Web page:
It's the fourth time that a Galway boat has won the Dingle race, giving Galway Bay SC unrivalled status, as the race has only been sailed a total of ten times. It was launched as a biennial event in 1993, and back in the day it was Donal Morrissey et al who started the process with two wins with the GK 34 Joggernaut. Then Eamon Conneely took both line honours and the handicap win with his first TP52 Patches, and now Martin Breen has done the business with his recently-acquired Reflex 38, which raced to Dingle under the moniker of Galway Harbour.
A former army captain, Breen's progress up the ladder of sailing achievement has been steady. He first made his mark with a successful Sigma 33, then there was more west coast sailing silverware taken with a Corby 33, and now he has the first Irish-based Reflex 38.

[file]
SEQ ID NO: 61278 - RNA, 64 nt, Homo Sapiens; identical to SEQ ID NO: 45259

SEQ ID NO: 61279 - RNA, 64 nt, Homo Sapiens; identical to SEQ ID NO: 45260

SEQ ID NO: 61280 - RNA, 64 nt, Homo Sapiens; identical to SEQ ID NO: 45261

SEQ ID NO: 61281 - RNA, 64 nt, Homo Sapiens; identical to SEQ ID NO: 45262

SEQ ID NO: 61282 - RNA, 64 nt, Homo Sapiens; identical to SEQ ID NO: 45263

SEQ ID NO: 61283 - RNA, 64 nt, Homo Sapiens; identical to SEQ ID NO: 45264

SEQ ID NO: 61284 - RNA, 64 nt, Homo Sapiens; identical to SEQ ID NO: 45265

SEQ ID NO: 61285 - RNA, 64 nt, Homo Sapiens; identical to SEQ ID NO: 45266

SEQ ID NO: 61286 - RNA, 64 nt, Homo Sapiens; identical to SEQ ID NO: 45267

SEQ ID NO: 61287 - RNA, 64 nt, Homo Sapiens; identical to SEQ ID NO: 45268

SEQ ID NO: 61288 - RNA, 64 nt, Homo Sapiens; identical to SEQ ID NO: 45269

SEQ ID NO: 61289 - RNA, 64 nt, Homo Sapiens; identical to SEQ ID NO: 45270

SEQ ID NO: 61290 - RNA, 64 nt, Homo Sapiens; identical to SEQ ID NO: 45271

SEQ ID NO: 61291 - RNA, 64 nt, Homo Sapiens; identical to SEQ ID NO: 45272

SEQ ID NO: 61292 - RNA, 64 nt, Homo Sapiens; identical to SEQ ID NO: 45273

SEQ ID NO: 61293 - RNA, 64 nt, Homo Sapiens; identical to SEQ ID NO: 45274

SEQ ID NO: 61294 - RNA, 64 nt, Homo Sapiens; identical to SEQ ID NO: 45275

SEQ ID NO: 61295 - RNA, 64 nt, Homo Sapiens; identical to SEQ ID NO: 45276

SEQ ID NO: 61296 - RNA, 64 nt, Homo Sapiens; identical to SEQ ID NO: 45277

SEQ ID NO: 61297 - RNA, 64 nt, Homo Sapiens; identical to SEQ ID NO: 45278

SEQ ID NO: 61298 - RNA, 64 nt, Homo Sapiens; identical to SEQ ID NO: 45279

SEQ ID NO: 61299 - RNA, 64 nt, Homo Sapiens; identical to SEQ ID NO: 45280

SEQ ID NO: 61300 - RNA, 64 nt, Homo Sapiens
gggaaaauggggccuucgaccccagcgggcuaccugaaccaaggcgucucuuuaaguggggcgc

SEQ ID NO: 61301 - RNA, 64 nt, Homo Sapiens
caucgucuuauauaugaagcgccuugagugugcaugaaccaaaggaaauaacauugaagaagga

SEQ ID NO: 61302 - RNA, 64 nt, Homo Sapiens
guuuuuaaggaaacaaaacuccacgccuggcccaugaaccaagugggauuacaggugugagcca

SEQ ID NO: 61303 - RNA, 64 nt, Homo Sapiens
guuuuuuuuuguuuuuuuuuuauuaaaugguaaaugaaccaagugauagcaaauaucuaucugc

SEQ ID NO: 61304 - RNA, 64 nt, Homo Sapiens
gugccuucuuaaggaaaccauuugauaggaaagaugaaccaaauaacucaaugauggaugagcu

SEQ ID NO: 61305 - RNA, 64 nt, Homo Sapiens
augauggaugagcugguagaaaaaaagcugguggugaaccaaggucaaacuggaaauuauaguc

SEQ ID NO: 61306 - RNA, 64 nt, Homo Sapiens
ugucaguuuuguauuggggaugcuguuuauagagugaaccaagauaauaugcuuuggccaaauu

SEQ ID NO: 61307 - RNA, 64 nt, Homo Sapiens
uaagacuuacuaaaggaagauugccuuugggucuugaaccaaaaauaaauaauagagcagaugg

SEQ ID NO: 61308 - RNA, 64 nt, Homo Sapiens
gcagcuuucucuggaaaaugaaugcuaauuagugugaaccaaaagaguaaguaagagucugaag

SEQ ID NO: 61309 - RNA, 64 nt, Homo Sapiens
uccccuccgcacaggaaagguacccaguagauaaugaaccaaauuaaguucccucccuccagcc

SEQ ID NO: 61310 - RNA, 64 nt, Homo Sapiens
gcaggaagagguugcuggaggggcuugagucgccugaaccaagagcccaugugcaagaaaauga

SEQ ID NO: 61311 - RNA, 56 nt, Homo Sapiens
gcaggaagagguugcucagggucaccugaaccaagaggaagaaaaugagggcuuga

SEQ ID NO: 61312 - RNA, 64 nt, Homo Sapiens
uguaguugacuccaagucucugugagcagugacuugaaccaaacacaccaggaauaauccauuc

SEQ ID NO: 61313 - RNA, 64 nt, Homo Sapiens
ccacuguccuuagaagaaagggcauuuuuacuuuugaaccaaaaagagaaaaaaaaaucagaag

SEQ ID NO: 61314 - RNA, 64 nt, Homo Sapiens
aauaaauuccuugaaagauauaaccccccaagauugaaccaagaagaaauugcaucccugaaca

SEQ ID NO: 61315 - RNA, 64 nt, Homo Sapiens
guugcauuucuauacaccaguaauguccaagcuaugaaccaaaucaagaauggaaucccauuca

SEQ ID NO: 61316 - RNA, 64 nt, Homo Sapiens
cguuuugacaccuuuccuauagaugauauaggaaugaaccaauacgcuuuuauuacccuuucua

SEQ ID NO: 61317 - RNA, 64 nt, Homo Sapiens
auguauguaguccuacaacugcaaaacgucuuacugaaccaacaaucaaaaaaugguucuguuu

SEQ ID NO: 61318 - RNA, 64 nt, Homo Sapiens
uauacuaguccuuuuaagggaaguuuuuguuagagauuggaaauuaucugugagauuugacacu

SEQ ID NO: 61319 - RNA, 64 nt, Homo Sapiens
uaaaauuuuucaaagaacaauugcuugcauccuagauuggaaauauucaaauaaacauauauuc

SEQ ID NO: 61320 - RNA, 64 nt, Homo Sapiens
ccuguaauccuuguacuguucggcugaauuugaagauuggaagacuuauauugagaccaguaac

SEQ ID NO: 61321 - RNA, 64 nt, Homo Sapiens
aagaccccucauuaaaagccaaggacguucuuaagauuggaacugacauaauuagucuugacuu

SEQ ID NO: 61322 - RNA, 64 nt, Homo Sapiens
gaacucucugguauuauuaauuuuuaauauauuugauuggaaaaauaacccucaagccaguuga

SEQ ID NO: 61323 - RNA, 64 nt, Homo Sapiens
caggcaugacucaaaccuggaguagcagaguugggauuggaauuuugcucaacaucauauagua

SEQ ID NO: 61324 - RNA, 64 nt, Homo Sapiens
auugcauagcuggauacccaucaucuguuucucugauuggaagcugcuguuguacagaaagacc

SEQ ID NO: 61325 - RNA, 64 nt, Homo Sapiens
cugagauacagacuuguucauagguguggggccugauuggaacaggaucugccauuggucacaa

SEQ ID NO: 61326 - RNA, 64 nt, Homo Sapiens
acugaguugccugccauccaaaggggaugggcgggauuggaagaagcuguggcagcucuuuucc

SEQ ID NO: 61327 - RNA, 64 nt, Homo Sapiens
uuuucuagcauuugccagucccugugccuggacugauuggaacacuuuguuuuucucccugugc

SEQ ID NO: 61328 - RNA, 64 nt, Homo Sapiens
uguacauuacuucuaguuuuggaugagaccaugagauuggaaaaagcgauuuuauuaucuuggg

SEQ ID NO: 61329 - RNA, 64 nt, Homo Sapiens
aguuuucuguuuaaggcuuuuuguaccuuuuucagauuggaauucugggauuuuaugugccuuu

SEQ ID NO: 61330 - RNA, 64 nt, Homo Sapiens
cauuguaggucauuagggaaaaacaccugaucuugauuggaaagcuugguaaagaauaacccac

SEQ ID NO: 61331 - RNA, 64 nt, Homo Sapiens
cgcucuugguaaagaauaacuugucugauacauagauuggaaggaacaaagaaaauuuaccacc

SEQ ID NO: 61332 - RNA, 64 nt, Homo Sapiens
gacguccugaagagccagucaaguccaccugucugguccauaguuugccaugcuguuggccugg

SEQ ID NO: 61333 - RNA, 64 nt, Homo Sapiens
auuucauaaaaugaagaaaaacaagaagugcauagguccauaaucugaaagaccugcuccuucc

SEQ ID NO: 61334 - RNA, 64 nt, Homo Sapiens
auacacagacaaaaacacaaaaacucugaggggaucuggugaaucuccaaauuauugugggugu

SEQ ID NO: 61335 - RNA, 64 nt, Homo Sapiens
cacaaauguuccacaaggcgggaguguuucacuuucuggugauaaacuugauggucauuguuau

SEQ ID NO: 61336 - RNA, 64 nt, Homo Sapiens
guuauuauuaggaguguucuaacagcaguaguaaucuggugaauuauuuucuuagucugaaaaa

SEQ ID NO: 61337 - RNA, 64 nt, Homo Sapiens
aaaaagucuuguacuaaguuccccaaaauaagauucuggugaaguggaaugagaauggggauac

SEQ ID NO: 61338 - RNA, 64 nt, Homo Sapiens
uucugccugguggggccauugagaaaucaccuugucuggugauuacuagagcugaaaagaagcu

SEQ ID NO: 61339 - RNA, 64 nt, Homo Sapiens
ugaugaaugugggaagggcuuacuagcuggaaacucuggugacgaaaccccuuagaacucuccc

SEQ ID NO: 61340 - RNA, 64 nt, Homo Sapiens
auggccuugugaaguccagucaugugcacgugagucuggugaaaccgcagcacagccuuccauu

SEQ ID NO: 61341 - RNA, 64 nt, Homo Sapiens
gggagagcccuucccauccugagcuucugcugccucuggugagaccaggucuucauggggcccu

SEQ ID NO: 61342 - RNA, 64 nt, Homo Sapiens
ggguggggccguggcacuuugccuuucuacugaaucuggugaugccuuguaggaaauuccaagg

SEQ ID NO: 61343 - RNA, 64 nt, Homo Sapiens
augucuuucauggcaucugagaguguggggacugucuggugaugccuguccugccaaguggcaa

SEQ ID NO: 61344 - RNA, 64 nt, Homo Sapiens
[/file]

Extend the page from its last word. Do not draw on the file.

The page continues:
A hands-on skipper, for the race to Dingle he beefed up his usual ship's complement of family and friends with Galway's own Aodhan Fitzgerald, who in turn brought in Neil Spain and Johnny Murphy who had been on the Fitzgerald crew which won the round Ireland race.
Galway Harbour sailed a perfect first stage down the Irish Sea to lead everything on the water at the Tuskar Rock. On the long drag race to the Fastnet in a backing and strengthening southerly, only the Open 40 Pride of Dalkey-Fuji got ahead of the Galway boat, which managed to hang in despite blowing out a spinnaker and getting a tear in the mainsail.
By the time they reached the Fastnet, with the wind still veering they were already beating, and it was a slug into the Atlantic up to the next turn at the Skellig rock. The final stage into Dingle almost became a spinnaker reach, which would have been a problem as they'd blown out their reaching spinnaker on the south coast, but the wind stayed nor'west just long enough to get them into port and a superb win with a little bit of luck and a lot of talent